Research Article

Red cell ferritin content: a re-evaluation of indices for iron deficiency in the anaemia of rheumatoid arthritis.

Br Med J (Clin Res Ed) 1984; 289 doi: https://doi.org/10.1136/bmj.289.6446.648 (Published 15 September 1984) Cite this as: Br Med J (Clin Res Ed) 1984;289:648
  1. A Davidson,
  2. M B Van der Weyden,
  3. H Fong,
  4. M J Breidahl,
  5. P F Ryan

    Abstract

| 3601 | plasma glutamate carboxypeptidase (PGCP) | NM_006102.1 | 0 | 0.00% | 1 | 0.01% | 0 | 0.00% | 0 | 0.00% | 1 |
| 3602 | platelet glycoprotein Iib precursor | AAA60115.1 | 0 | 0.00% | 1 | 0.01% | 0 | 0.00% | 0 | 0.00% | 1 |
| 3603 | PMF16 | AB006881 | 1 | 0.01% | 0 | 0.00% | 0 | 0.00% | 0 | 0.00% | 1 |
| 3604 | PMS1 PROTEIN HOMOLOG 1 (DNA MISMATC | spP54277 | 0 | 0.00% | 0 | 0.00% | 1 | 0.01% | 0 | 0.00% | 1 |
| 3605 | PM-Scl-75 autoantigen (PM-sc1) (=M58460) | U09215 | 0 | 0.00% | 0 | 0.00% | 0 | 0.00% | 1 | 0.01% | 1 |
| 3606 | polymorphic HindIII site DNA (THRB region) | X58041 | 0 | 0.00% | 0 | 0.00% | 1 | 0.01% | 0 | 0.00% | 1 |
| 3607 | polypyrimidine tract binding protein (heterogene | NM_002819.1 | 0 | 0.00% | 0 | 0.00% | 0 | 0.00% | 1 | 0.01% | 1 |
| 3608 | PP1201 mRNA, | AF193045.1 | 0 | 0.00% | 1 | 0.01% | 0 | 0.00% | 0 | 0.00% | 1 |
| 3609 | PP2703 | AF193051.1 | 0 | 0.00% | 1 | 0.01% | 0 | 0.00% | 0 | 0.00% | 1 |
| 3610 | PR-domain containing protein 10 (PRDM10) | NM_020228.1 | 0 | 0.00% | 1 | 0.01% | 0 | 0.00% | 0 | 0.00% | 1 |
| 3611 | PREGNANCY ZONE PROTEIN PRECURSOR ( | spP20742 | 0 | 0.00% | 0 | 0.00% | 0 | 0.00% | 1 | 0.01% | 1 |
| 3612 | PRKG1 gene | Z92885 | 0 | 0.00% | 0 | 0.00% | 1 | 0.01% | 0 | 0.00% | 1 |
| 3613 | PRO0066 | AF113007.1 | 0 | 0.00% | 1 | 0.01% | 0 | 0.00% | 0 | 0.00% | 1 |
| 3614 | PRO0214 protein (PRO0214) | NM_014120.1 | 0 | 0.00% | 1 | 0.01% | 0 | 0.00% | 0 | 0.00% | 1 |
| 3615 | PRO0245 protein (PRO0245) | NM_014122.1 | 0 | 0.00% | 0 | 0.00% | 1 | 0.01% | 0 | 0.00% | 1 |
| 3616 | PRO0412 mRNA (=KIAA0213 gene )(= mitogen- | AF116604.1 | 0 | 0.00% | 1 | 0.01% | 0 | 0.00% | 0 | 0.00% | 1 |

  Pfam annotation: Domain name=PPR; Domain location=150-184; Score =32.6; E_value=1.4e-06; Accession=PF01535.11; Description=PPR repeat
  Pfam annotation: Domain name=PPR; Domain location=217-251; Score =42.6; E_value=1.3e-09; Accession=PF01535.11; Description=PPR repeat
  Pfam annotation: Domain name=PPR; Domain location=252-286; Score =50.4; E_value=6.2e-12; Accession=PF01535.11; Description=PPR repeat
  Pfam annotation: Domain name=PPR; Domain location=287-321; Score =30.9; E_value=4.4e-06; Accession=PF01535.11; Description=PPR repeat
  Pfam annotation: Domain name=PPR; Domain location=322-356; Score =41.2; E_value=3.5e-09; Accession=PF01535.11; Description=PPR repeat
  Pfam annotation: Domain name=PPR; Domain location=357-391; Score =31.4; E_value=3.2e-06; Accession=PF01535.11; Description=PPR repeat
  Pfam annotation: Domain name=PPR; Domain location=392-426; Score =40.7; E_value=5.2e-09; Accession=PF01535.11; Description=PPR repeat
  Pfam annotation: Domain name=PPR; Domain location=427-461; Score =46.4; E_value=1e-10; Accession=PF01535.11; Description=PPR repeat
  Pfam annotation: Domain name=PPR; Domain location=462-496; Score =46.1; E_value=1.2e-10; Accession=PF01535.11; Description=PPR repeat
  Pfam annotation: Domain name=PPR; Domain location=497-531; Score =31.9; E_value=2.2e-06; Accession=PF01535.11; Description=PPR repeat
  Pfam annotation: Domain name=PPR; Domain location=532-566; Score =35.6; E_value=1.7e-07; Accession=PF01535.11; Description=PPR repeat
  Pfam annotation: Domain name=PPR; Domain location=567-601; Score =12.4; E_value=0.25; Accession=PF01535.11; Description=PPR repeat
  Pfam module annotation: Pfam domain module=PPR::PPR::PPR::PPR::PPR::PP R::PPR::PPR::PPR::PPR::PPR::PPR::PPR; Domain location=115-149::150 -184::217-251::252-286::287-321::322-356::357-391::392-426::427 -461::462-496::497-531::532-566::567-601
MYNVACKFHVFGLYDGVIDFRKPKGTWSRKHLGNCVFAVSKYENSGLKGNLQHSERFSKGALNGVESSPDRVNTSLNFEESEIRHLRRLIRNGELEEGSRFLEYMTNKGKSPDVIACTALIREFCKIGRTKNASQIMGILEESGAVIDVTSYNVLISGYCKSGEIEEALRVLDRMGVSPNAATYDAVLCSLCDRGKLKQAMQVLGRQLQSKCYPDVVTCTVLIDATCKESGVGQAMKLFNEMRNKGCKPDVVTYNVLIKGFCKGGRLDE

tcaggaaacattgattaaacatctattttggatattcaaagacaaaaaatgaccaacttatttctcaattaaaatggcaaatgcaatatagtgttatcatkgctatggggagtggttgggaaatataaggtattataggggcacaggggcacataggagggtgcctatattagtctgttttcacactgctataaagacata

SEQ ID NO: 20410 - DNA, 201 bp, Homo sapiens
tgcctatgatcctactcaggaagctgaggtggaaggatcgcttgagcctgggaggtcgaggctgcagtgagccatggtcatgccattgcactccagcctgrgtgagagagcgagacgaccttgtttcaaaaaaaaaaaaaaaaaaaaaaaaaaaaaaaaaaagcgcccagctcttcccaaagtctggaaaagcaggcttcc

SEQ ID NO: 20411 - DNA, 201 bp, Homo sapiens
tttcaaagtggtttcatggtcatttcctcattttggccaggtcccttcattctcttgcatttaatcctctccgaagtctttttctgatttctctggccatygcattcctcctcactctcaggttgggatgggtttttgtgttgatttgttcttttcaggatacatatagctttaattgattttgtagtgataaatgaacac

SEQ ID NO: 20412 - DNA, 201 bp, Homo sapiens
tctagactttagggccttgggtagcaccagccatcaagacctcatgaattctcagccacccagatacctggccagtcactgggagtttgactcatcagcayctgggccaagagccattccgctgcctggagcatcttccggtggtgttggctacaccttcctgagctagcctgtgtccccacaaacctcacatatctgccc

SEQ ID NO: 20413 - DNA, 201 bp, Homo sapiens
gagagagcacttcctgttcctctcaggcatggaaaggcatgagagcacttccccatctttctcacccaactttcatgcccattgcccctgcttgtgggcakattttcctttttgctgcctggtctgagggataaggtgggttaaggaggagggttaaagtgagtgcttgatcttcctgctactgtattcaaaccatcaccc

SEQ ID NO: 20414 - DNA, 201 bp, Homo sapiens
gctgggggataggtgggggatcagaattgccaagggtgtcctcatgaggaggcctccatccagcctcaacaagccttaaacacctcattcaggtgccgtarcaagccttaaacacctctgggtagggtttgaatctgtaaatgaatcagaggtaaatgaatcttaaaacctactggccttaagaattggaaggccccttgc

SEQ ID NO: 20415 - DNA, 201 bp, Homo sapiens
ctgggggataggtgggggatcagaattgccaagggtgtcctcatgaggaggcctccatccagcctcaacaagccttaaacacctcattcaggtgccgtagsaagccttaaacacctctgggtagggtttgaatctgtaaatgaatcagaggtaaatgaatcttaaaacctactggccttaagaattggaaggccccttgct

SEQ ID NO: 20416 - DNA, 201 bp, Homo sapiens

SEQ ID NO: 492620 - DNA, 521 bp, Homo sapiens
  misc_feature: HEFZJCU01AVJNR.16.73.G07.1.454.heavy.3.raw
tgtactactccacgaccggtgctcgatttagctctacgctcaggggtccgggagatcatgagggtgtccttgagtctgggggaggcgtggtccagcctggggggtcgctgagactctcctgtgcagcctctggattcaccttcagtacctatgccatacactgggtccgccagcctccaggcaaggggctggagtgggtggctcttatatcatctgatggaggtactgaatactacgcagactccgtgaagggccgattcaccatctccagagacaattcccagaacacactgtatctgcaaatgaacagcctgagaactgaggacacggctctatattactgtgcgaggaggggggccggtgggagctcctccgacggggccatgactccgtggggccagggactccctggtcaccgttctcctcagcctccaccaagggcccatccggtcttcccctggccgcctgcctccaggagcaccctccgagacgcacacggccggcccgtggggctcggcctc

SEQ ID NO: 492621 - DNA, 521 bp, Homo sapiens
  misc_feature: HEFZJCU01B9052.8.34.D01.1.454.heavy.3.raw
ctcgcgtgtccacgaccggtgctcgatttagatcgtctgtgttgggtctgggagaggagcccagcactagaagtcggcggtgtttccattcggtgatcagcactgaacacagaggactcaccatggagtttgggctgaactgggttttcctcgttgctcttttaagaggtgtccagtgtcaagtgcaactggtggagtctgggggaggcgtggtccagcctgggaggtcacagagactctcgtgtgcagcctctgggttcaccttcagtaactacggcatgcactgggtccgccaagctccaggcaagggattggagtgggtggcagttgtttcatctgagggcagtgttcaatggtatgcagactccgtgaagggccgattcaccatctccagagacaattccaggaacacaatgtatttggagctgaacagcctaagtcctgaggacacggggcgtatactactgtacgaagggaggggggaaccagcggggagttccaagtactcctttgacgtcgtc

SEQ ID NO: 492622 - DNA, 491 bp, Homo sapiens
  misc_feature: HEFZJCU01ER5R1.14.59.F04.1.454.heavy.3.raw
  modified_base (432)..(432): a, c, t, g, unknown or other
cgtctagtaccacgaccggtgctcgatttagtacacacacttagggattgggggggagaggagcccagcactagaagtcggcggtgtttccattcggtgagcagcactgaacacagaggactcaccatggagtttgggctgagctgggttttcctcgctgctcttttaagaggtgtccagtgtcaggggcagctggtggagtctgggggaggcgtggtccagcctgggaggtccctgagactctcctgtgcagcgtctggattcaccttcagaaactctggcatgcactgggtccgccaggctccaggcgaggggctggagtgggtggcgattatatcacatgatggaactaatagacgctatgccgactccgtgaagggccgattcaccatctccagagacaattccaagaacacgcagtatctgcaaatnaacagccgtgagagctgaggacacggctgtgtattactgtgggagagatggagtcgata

In iron deficiency anaemia basic red cell content of ferritin is appreciably reduced. This variable was determined in 62 patients with rheumatoid arthritis to evaluate conventional laboratory indices for iron deficiency in the anaemia of rheumatoid arthritis. For 23 patients with rheumatoid arthritis and normocytic anaemia irrespective of plasma ferritin concentration, red cell ferritin content did not differ significantly from that for non-anaemic patients with rheumatoid arthritis. For 27 patients with rheumatoid arthritis and microcytic anaemia, the mean red cell ferritin content for patients with a plasma ferritin concentration in the 13-110 micrograms/l range was appreciably reduced. It was indistinguishable from that for patients with rheumatoid arthritis and classical iron deficiency anaemia, indicated by plasma ferritin concentrations of less than 12 micrograms/l. In contrast, the mean red cell ferritin content for patients with rheumatoid arthritis, microcytic anaemia, and plasma ferritin concentrations above 110 micrograms/l did not differ from that for patients with rheumatoid arthritis and normocytic anaemia. Oral treatment with iron in patients with rheumatoid arthritis, microcytic anaemia, and appreciably reduced red cell ferritin concentrations was accompanied by significant increases in haemoglobin concentration (p less than 0.01), mean corpuscular volume (p less than 0.01), and red cell ferritin contents (p less than 0.05). This treatment, however, did not produce any appreciable change in haemoglobin concentration in patients with rheumatoid arthritis, normocytic anaemia, and normal red cell ferritin contents. These findings suggest that the indices for iron deficiency in patients with rheumatoid arthritis and anaemia should include peripheral blood microcytosis together with a plasma ferritin concentration of less than 110 micrograms/l.